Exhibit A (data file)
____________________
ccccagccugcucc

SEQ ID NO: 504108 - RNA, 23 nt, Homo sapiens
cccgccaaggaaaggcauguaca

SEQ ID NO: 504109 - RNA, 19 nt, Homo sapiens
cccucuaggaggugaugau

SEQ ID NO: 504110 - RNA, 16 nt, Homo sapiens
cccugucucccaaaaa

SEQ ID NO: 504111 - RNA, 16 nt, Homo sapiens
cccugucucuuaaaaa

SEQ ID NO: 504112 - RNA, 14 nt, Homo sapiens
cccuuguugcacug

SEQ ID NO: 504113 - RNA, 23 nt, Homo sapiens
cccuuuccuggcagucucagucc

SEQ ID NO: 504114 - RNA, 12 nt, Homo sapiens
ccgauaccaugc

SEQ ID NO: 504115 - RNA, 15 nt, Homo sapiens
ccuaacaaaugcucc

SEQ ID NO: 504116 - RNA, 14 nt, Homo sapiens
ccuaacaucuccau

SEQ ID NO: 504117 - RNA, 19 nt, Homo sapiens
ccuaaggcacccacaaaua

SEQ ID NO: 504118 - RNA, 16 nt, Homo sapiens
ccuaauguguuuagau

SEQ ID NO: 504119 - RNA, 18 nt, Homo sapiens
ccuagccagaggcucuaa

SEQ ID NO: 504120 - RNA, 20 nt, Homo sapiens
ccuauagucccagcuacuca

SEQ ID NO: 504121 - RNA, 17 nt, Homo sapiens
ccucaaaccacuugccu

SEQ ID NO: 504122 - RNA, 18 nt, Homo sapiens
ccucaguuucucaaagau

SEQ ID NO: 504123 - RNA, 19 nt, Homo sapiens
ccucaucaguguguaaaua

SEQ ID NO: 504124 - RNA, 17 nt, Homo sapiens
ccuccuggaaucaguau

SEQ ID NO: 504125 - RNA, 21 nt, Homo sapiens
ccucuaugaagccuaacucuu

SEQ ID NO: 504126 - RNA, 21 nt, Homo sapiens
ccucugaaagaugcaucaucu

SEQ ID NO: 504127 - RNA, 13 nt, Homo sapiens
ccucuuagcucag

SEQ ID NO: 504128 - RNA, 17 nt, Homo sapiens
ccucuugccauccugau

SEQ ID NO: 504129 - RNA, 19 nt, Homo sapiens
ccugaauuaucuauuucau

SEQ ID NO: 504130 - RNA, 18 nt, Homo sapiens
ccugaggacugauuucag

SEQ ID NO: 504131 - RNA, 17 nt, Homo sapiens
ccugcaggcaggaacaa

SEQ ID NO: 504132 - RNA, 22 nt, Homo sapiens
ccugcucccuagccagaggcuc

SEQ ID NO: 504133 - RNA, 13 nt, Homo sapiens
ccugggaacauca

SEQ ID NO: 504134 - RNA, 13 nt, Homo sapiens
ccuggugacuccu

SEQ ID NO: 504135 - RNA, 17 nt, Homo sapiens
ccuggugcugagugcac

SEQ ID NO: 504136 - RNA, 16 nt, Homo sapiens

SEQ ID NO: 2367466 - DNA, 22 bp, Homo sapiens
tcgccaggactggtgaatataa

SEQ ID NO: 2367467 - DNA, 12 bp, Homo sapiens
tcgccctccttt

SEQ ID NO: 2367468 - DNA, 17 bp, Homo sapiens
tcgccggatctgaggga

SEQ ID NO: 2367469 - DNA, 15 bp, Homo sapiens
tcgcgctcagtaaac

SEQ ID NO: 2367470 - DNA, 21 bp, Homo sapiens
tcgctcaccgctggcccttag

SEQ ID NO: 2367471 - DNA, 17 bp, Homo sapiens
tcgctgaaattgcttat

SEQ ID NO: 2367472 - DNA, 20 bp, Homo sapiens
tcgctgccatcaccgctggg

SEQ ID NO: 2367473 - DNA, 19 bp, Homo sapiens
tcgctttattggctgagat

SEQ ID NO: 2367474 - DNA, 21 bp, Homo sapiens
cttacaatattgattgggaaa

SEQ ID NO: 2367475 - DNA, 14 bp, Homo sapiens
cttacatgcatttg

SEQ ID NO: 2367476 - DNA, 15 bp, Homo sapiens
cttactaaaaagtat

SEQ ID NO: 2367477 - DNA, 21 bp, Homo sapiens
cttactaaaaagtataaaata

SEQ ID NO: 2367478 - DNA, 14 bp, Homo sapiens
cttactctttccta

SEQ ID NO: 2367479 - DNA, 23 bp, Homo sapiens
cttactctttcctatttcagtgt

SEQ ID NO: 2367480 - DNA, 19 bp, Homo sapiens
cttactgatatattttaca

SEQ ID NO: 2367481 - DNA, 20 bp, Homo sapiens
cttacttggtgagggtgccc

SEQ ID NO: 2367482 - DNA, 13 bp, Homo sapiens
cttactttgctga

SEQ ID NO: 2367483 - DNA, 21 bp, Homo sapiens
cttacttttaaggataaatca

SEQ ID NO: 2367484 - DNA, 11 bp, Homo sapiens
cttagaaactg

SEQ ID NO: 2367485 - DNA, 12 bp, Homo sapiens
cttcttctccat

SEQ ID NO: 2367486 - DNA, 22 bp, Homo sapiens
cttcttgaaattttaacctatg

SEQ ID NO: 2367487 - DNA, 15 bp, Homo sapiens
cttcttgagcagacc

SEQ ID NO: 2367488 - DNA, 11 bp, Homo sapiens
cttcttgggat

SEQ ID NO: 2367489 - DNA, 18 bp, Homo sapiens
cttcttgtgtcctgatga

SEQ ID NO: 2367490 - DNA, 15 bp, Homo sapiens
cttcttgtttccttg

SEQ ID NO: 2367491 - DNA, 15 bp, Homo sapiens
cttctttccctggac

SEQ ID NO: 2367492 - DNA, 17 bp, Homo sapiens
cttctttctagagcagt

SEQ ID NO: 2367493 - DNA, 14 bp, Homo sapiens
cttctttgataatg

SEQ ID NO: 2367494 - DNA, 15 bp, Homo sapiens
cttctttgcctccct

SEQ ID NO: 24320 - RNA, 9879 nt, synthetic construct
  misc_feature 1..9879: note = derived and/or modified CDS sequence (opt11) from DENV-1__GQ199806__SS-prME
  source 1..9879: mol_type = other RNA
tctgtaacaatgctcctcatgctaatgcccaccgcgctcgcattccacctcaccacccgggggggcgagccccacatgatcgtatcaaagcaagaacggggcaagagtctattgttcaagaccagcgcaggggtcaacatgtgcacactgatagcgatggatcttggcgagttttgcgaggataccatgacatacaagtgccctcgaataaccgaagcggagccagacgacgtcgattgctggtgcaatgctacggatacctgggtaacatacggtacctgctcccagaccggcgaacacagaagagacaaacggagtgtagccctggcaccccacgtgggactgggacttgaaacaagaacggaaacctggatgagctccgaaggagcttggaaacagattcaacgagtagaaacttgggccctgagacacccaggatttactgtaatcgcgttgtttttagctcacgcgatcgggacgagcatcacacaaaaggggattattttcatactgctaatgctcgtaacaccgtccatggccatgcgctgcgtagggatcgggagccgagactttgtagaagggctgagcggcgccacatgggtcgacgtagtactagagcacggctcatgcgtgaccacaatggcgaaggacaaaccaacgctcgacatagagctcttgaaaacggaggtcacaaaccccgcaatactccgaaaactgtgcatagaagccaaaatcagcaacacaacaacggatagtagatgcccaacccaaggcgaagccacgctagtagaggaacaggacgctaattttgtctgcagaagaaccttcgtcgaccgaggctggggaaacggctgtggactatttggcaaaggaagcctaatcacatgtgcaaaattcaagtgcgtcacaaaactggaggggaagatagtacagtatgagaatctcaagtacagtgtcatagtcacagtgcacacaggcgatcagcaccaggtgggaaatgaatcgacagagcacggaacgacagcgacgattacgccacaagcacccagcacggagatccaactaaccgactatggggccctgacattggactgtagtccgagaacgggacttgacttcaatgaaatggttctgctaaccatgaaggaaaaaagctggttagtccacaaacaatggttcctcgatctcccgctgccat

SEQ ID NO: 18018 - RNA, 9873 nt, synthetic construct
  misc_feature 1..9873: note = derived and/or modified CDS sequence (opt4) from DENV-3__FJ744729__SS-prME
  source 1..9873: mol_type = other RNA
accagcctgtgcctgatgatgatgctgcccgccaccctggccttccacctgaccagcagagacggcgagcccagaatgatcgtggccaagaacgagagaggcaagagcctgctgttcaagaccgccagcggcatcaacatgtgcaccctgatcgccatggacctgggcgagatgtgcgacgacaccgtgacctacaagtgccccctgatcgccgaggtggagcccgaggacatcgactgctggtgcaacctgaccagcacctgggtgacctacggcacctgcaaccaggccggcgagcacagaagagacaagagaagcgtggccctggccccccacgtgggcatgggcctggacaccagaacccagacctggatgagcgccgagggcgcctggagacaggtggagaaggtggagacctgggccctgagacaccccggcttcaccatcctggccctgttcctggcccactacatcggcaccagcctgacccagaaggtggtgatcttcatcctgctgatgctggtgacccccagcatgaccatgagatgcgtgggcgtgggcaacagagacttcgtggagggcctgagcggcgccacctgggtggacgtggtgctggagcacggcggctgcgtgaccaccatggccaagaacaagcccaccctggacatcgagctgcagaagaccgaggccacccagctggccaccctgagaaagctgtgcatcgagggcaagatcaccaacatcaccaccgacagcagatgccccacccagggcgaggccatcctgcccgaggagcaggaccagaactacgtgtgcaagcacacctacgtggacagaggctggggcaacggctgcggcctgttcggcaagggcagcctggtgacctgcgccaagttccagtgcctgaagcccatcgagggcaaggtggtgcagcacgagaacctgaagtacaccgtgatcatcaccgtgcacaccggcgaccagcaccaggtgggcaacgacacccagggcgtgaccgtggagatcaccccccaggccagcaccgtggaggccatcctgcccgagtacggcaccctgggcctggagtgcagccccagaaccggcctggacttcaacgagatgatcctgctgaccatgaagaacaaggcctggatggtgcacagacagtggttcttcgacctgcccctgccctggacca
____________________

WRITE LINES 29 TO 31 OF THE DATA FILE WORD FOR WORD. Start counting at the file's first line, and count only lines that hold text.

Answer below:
ccucaaaccacuugccu

SEQ ID NO: 504122 - RNA, 18 nt, Homo sapiens
ccucaguuucucaaagau